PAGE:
Guide books list more than 700 climbs in areas just outside Tucson, Arizona, making it an excellent spot to test your skills.
During the winter months, most climbers look forward to conquering glaciers or trekking up a 10,000 ft peak to snowboarding down the other side. But some climbers head west to Tucson, Arizona, when weather conditions are perfect and the climbing offers scenic views that can’t be found anywhere else.
One of the best spots that many locals venture to is Mt. Lemmon. The area is about a hour’s drive from Tucson and is covered in rock pillars and pinnacles that offer excellent places to test the skills of beginners to advanced climbers. The area is higher in elevation so temperatures are typically cooler than in downtown Tucson. Nevertheless, locals recommend to bring plenty of water and sunscreen.
From the center of Tucson, take Broadway Blvd. that runs through the center of town and head east. It hooks up with North Houghton Road that takes you north where you go northeast on Catalina Highway. Continue northeast and the road turns into East Mt. Lemmen Highway where you’ll come across Windy Point, where you’ll see lots of rock pillars that jut out from a lush forest. The area is about 6,6500 feet above sea level and as you reach the main parking area at Windy Point, you come to Hitchcock Pinnacle.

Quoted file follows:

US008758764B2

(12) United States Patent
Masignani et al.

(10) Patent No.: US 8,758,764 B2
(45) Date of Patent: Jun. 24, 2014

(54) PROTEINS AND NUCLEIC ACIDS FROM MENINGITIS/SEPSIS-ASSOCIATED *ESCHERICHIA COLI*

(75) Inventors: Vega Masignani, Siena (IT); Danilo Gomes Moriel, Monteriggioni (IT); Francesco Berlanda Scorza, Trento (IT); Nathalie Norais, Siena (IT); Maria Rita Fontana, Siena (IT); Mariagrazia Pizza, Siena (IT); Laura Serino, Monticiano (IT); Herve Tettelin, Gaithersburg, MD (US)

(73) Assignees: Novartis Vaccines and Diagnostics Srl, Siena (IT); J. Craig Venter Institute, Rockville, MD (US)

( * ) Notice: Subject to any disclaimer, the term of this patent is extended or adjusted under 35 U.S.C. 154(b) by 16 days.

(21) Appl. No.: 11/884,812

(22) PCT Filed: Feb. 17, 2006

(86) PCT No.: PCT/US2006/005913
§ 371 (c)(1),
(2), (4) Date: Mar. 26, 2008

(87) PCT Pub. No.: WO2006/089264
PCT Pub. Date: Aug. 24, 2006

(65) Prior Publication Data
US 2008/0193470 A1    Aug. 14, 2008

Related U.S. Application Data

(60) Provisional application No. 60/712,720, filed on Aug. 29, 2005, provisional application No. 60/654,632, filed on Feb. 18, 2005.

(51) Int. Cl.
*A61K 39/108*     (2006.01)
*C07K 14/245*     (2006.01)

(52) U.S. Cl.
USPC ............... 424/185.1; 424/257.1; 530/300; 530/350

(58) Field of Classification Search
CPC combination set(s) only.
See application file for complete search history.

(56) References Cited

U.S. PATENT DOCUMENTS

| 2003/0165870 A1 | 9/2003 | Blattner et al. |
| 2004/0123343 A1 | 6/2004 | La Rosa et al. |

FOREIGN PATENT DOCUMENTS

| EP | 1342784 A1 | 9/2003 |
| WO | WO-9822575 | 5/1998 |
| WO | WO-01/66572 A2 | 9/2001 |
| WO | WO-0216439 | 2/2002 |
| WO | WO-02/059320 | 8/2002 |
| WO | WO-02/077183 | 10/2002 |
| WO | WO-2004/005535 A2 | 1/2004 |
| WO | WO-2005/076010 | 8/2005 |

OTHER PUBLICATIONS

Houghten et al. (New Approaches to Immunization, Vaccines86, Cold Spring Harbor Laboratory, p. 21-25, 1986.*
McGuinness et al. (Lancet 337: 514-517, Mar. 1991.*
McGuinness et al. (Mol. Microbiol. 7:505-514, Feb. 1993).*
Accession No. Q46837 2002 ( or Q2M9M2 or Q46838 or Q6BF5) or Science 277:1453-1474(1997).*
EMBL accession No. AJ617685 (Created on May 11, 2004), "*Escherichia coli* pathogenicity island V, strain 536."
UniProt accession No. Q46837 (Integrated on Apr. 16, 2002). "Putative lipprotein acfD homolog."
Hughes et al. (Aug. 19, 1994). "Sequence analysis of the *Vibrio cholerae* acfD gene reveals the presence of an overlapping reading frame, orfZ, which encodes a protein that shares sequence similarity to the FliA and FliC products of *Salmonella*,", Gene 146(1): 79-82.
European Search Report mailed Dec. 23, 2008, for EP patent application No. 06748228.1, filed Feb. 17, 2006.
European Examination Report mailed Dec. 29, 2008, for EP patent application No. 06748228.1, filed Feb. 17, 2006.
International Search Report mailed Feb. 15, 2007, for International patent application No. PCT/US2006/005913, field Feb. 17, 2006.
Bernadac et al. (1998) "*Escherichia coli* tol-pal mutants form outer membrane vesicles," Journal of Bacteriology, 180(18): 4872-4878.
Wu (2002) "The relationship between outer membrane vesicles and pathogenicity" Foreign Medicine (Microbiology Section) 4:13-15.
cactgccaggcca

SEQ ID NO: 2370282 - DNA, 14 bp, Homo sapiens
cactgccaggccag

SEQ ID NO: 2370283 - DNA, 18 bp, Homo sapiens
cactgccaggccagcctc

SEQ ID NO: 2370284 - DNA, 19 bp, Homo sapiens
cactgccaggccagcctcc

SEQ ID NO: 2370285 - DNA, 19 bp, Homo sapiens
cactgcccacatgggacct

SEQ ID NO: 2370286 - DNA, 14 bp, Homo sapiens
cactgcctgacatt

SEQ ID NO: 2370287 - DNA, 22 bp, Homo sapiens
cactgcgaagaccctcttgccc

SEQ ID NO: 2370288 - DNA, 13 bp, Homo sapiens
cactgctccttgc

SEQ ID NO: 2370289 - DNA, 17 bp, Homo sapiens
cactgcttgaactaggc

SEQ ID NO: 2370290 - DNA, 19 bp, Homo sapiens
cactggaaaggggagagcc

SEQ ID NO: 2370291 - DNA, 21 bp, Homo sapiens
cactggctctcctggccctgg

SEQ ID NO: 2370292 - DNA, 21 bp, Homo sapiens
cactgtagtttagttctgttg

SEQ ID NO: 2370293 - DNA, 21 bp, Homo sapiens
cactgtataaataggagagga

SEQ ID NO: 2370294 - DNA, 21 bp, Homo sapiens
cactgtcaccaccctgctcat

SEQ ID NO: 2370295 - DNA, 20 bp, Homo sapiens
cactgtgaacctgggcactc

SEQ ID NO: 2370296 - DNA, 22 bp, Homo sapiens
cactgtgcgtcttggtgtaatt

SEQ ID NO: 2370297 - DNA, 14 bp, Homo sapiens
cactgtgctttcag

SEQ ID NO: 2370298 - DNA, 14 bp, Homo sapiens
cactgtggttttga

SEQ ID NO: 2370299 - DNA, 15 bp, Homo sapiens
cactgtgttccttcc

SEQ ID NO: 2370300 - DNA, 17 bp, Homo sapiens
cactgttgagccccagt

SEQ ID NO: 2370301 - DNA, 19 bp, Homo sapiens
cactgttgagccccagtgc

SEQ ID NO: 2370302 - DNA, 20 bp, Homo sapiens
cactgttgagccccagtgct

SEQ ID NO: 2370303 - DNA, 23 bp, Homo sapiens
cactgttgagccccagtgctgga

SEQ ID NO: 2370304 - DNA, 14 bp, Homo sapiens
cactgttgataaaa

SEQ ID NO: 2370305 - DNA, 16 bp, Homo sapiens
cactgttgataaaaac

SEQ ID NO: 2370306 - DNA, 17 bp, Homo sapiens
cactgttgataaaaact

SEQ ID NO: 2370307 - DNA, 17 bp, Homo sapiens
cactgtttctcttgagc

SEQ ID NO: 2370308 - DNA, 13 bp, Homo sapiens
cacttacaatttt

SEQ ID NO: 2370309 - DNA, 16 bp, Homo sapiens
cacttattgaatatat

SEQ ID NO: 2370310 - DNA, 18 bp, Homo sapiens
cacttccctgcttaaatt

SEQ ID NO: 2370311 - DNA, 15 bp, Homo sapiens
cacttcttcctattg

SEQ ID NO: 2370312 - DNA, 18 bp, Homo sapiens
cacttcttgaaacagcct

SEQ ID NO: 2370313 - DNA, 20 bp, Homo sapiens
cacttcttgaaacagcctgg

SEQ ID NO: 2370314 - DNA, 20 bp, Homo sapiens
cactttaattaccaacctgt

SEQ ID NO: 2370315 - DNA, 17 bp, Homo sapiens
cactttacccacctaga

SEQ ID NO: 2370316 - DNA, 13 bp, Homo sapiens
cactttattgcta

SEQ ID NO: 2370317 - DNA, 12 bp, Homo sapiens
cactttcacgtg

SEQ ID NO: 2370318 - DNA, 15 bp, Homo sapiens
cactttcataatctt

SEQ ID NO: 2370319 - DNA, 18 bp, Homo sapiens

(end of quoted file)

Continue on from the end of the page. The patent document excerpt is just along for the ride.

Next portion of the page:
This 60 foot tower is narrow at the base and expands to a wider head shaped rock at the top. The route is rated at 5.8 and because it’s a popular climb in the area, the granite face is well worn but still fun to do and has plenty of good holds. Just a few minutes walk from Hitchcock Pinnacle is an area called the Practice Cliff. It’s one side of a rock peninsula that stretches outwards towards the desert. Here the routes are long, about 50-60 feet with some overhangs, roofs and dihedrals. The routes here range from 5.6 to 5.10 and there’s a solid top-rope anchors at the top of the cliff.
There’s lots of other climbing areas all along the Mt. Lemmon highway but the greatest concentration is at Windy Point. Consider Squeezing the Lemon, A Rock Climbers Guide to the Mt. Lemmon Highway, by Eric Richard Fazio as a good guide to the area. The locals also recommend to bring a headlamp in case you get caught after dark as the area gets very dark after sunset. There’s also cactus and sharp plants on the approach to some of these climbs. It’s best to wear proper approach shoes instead of sandals, and bring a jacket as the temperatures can drop towards the end of the day.
The climbs in the Mt. Lemmon area are located within the Santa Catalina mountains, which is in the Coronado National Forest. For more information on the area, visit http://www.fs.fed.us/r3/coronado/